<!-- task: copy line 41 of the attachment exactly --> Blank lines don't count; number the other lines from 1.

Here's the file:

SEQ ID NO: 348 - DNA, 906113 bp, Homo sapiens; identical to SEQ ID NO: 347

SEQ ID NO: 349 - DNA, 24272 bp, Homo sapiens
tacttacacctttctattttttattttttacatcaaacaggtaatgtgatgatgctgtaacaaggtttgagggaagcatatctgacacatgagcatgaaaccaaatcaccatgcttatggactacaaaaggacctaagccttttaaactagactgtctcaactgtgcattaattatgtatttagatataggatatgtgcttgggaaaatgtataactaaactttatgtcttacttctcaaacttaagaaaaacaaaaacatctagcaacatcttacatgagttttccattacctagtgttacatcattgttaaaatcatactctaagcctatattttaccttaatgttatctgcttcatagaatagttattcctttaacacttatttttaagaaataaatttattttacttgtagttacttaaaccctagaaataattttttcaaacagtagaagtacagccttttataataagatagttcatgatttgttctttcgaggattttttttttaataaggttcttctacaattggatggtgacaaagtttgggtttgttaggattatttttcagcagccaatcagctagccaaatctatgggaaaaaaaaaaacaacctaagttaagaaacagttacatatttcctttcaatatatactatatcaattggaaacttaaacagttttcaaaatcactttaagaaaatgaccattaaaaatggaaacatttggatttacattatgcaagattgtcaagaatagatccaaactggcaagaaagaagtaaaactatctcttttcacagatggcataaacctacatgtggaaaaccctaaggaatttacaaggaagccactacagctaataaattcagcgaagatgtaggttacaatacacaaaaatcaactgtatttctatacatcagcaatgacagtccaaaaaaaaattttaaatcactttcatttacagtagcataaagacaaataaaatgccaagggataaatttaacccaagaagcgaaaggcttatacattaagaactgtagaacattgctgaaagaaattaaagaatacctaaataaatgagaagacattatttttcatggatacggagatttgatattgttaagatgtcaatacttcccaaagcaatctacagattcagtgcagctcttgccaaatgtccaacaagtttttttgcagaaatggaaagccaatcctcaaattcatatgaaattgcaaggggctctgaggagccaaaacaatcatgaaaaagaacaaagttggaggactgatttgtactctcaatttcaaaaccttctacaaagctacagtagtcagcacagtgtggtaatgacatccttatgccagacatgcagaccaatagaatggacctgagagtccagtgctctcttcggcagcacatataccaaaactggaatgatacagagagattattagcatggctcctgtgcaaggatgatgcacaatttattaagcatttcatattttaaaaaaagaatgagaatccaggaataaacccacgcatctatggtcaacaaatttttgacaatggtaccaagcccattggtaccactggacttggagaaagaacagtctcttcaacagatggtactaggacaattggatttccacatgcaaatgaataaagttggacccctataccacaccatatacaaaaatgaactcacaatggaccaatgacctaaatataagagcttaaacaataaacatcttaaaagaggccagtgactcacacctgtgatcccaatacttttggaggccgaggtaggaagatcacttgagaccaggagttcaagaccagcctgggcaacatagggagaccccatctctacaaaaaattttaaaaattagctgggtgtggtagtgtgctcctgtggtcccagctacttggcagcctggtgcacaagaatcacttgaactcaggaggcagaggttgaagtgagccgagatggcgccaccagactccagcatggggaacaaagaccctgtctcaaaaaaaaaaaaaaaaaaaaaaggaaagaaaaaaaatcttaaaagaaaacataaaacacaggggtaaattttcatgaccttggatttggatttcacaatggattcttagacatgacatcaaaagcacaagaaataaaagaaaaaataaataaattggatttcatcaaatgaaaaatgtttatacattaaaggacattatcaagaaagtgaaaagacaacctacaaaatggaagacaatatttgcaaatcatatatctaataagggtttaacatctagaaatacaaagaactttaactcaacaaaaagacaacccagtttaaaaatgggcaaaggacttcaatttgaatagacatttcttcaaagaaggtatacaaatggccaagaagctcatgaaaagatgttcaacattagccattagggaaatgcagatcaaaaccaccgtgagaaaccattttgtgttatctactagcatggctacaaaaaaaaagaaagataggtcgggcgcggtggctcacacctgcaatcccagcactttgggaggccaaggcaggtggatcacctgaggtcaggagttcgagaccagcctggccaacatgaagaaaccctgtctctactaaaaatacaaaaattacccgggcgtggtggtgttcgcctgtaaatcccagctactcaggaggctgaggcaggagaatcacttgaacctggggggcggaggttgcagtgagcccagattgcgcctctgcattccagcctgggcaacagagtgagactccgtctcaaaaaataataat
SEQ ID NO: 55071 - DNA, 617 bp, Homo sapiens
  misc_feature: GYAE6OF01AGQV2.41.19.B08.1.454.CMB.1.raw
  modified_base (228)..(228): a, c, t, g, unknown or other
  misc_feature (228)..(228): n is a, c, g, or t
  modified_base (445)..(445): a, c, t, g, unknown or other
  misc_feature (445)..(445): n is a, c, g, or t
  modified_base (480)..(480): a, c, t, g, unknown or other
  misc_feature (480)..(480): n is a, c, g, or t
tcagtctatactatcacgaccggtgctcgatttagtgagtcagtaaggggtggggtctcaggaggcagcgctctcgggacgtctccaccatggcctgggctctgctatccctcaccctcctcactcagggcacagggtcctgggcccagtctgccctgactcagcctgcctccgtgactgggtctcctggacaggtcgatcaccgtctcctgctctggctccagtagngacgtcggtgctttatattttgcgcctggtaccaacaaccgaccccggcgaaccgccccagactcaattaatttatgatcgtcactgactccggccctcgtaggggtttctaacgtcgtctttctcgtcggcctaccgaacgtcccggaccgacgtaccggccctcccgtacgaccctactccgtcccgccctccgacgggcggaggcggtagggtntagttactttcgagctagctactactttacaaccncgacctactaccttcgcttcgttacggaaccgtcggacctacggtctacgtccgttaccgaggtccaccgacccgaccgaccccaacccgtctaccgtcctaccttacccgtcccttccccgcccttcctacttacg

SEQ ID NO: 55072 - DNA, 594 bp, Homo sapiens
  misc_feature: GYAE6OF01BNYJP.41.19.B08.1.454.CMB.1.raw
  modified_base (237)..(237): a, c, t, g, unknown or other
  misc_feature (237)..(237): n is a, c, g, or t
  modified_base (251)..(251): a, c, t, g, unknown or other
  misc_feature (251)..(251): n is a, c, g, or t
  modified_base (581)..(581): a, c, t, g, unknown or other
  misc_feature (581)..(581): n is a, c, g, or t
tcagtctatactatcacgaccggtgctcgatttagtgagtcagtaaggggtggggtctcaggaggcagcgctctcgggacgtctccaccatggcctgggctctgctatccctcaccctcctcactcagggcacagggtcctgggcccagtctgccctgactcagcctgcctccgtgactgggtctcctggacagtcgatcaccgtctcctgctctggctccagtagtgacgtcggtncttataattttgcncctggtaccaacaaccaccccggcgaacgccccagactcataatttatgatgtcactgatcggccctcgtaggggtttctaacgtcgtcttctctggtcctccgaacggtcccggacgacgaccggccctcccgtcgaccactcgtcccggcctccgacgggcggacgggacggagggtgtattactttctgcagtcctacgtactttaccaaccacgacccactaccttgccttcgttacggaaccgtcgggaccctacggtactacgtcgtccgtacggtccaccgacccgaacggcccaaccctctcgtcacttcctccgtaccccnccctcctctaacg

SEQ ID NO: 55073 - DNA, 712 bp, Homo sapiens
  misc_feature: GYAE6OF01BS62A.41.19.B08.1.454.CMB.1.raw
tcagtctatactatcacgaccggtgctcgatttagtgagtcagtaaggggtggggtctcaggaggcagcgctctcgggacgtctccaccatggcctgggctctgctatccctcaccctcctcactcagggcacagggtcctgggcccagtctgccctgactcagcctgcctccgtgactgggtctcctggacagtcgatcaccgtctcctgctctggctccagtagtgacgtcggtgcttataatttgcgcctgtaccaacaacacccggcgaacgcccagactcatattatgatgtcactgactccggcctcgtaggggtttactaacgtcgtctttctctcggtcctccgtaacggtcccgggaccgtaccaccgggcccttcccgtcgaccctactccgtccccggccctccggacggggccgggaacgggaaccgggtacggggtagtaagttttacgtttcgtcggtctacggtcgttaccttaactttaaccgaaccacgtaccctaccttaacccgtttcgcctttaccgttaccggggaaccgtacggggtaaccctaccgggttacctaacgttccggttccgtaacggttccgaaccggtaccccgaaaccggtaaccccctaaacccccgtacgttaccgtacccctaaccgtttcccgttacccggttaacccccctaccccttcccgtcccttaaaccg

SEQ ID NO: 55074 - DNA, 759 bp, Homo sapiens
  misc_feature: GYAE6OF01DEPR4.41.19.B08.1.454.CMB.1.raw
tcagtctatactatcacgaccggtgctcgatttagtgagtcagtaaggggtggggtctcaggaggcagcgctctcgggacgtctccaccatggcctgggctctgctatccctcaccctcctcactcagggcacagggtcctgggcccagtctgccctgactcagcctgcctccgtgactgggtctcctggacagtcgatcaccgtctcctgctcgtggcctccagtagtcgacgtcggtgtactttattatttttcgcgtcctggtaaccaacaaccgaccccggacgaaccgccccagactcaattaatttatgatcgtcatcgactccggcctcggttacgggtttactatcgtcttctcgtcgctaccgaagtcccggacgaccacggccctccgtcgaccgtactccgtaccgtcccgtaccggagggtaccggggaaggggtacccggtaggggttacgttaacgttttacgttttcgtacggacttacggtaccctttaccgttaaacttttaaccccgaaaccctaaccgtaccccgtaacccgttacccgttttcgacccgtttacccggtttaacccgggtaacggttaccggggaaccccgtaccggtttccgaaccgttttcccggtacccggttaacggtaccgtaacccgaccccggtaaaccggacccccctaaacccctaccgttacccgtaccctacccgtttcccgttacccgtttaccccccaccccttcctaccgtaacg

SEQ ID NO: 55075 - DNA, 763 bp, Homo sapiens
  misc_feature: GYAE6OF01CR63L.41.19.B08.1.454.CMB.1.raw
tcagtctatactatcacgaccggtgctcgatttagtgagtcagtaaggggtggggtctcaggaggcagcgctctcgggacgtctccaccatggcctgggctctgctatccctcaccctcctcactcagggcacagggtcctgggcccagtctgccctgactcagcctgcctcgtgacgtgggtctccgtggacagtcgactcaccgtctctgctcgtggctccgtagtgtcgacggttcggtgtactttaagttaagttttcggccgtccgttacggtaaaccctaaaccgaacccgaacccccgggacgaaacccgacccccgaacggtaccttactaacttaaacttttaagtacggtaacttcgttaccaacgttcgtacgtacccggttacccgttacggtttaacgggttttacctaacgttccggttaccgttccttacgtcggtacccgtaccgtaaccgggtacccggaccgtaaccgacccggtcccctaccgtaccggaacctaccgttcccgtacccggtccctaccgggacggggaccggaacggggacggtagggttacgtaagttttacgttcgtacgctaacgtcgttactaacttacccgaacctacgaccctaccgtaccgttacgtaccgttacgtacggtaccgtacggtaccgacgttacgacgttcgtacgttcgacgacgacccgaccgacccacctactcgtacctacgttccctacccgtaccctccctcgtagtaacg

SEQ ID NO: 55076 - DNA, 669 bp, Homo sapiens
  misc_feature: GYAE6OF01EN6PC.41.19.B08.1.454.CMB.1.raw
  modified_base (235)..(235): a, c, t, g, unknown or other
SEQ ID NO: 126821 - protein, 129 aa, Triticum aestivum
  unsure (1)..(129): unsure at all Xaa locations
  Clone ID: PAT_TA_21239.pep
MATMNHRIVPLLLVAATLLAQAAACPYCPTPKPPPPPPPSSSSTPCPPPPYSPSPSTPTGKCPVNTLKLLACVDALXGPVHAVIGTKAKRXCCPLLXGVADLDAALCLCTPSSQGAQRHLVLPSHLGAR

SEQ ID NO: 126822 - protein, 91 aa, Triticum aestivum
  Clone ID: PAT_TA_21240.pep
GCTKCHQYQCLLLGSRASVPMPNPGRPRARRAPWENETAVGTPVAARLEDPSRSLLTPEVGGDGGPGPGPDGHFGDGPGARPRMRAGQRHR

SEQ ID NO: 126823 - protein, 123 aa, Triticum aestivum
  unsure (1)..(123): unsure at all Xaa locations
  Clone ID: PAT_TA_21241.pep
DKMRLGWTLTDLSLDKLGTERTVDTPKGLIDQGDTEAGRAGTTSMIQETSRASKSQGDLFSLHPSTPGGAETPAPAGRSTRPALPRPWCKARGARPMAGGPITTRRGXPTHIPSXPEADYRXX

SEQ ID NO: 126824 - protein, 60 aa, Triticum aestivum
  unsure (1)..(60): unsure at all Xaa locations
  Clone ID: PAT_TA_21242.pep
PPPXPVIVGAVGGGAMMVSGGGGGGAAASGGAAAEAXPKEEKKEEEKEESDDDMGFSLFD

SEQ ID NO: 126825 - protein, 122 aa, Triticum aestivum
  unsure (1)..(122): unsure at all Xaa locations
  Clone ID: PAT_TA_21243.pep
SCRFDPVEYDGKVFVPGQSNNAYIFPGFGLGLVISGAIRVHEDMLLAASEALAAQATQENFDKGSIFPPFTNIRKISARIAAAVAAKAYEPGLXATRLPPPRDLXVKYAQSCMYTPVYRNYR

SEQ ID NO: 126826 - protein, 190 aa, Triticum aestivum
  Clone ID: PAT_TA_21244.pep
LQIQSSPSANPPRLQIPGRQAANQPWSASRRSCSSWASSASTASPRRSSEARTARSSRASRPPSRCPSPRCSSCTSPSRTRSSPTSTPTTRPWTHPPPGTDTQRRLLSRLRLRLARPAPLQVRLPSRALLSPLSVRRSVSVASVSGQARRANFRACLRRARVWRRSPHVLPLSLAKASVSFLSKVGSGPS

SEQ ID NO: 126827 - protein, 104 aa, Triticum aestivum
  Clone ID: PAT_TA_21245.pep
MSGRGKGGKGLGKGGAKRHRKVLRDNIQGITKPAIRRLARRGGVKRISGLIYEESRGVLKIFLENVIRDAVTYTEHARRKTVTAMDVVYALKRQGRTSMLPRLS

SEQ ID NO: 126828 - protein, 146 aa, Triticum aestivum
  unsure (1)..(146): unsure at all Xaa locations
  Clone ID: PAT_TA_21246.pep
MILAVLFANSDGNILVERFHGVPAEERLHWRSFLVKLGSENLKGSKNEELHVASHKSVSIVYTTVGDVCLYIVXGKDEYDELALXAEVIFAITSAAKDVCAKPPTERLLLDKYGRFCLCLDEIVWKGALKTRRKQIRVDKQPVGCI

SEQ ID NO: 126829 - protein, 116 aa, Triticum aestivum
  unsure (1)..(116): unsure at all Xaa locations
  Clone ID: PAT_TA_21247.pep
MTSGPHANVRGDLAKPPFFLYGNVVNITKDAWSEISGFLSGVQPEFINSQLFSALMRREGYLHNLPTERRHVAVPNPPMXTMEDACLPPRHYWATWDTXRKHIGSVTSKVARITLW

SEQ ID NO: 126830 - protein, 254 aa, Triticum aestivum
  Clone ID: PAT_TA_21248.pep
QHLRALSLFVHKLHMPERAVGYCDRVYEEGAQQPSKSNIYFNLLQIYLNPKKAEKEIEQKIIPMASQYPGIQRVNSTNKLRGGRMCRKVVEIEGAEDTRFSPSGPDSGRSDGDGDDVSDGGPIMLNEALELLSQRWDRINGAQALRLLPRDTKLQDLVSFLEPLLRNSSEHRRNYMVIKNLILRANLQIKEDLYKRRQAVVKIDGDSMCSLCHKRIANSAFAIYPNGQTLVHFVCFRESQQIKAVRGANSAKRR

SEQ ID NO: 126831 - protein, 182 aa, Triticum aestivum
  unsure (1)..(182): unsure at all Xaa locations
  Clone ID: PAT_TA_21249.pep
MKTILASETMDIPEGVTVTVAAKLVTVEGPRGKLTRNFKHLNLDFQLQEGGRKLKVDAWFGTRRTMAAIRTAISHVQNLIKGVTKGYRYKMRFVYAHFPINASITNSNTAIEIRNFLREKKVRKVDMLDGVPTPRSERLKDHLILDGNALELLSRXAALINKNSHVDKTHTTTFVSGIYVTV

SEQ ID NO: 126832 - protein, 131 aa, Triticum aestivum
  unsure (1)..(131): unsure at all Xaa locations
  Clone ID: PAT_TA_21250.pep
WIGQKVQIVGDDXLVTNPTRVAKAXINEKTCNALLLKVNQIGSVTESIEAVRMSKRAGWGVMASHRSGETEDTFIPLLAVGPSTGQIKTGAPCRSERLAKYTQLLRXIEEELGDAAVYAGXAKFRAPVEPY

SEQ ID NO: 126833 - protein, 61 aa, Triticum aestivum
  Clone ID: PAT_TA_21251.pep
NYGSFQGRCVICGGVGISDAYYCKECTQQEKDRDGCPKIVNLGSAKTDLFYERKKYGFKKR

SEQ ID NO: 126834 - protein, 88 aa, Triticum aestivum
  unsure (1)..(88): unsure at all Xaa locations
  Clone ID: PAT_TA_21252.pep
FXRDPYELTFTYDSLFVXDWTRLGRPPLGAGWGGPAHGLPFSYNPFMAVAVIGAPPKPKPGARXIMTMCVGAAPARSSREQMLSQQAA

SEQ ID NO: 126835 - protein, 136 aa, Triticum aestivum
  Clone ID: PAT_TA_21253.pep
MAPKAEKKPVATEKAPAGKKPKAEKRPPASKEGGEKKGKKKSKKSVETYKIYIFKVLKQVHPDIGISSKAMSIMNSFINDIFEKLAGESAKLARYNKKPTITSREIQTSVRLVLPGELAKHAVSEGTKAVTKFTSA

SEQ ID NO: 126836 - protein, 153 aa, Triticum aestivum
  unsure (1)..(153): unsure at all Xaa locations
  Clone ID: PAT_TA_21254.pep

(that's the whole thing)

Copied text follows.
SEQ ID NO: 126823 - protein, 123 aa, Triticum aestivum